“…to actually adapt in England was a challenge. There was the language barrier; I spoke some English but I never practised it, with the accent and everything… For a couple of years I was just discovering new things; realising how I should act…”

See Grzegorz' Full Answer

Leaving Poland wasn’t so hard. I was able to come back whenever and nothing would happen. But to actually adapt in England was a challenge. There was the language barrier; I spoke some English but I never practised it, with the accent and everything. And also finding a job. It’s a different country. For a couple of years I was just discovering new things; realising how I should act, what I should do and so on. But the decision to leave Poland was quick. But the decision to leave England and move back to Poland with my family took about two years to make. We were thinking very hard. It wasn’t only about us but our daughter as well. We were worried she wouldn’t adapt. Luckily, everything went well. We both got a job very quickly, and our daughter adapted well and made friends, and she’s happy. If she’s happy, I’m happy. The hardest part was making the decision. Even now when I’m looking at the photos from England, and seeing how our daughter grew up, the parks and the places we visited, I feel a little regret that we left. There are so many memories we left in England. But now we’re here, and we’re not planning on going back because that would be too much for our daughter.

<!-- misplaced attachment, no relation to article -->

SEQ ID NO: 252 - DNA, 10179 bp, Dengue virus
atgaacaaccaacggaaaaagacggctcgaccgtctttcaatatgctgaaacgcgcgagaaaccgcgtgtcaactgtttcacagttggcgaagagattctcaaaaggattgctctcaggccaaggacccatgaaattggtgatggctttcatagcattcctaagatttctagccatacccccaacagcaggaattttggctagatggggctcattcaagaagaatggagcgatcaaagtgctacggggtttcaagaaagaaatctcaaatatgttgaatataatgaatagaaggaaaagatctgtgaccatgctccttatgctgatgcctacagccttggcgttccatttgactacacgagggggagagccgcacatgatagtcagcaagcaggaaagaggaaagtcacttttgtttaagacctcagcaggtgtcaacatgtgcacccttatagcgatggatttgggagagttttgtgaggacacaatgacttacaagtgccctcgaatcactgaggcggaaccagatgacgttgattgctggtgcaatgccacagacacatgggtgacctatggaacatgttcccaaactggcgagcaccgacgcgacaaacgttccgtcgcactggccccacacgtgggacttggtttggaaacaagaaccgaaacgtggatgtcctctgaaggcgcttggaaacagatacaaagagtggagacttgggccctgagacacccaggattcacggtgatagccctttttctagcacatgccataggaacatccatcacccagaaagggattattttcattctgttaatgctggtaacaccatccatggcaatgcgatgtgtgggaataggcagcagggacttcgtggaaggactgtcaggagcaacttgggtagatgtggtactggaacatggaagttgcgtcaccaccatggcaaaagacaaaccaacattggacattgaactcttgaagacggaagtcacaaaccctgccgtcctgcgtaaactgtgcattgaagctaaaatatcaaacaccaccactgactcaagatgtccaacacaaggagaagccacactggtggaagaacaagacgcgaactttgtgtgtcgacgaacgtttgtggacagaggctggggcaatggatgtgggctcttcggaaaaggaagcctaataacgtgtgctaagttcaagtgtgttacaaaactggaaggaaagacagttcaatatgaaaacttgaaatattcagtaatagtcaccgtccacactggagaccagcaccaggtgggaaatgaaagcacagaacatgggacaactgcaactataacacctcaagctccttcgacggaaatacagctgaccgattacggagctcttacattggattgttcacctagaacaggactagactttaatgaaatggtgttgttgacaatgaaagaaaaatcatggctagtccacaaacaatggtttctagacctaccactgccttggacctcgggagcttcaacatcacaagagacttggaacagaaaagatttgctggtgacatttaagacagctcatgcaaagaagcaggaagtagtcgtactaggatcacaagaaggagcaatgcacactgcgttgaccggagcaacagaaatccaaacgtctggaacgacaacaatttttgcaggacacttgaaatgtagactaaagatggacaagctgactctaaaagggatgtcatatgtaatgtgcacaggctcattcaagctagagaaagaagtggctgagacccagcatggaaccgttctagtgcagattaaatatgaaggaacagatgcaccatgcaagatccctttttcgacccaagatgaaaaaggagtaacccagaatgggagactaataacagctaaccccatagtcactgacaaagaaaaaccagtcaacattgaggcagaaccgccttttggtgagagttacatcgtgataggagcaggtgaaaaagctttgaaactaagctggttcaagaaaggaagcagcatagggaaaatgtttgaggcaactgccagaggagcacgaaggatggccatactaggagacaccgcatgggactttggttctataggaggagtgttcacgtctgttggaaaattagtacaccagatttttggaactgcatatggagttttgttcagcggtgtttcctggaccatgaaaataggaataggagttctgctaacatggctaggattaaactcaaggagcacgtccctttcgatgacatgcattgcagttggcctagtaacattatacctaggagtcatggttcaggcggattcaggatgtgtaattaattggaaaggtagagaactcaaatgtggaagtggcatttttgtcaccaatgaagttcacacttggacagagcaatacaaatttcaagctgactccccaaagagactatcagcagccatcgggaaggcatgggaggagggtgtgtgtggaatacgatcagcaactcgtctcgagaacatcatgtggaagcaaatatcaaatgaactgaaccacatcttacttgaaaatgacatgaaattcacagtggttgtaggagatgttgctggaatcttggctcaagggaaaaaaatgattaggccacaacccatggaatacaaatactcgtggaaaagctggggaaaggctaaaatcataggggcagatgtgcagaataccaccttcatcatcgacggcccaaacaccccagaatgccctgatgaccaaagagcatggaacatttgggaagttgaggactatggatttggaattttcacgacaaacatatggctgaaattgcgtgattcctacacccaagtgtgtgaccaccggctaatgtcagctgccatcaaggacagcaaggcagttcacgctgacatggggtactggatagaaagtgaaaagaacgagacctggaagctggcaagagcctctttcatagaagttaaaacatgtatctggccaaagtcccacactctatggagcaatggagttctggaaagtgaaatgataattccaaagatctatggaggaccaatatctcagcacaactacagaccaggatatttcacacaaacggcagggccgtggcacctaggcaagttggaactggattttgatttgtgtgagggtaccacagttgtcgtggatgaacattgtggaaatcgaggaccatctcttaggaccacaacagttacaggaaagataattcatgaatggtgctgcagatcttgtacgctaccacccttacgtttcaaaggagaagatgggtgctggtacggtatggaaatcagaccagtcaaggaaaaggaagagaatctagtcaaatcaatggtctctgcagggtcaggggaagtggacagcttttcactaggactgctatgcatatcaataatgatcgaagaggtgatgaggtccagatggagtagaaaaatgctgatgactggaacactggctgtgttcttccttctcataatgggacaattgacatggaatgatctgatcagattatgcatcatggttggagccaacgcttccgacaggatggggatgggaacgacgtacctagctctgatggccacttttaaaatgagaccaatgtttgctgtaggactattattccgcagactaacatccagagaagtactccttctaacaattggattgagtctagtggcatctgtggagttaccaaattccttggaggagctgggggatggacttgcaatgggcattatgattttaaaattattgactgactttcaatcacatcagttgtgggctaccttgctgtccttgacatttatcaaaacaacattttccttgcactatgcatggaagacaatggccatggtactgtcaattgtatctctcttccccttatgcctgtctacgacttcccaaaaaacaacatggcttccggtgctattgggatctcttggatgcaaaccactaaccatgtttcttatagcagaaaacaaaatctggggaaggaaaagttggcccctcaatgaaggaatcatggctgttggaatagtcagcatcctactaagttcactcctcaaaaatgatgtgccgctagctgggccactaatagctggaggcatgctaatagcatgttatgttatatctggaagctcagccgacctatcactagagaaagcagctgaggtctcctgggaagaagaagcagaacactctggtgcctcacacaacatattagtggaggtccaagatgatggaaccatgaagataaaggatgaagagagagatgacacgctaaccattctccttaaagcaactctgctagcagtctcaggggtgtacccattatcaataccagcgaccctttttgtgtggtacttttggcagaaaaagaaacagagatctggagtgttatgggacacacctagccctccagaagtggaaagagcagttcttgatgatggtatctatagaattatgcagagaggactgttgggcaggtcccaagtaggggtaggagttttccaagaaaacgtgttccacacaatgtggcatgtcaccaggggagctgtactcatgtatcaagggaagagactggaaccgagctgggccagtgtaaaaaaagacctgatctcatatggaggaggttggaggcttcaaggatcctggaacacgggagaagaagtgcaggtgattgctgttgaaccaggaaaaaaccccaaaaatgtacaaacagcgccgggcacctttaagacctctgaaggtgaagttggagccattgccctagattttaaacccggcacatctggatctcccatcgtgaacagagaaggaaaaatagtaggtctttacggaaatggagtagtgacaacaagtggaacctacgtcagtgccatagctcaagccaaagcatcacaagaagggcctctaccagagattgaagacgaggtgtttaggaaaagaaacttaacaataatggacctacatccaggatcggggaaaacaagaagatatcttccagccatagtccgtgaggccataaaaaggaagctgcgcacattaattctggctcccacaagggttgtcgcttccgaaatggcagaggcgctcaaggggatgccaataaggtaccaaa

Can you think of a time you have been proud of Nowa Sól and Poland?

“…in Nowa Sól… from nothing we built a new town. That’s the effort of the team in the council, who’ve been trying to attract new investors. Investors mean money, and this is what we have.”

See Grzegorz' Full Answer

At the moment I am proud of Nowa Sól. We invited you to stay. For those who don’t know Tieran wrote to me through warmshowers.org to help him with his visit to the town. But at the moment I don’t have space for him to stay in my flat. But I called the right person, who organised everything, even cooked meals, arranged for the bike to be repaired and so on. So all these people, they are travellers as well – I’m talking about Marek and Sławek who looked after you. They know how important it is to help, and so they gave you everything. And I tried to help, too. So we, the three of us, we understand how important it is for travellers to have nice people around you, who you can trust and rely on. So I am proud of these kind of people in Nowa Sól.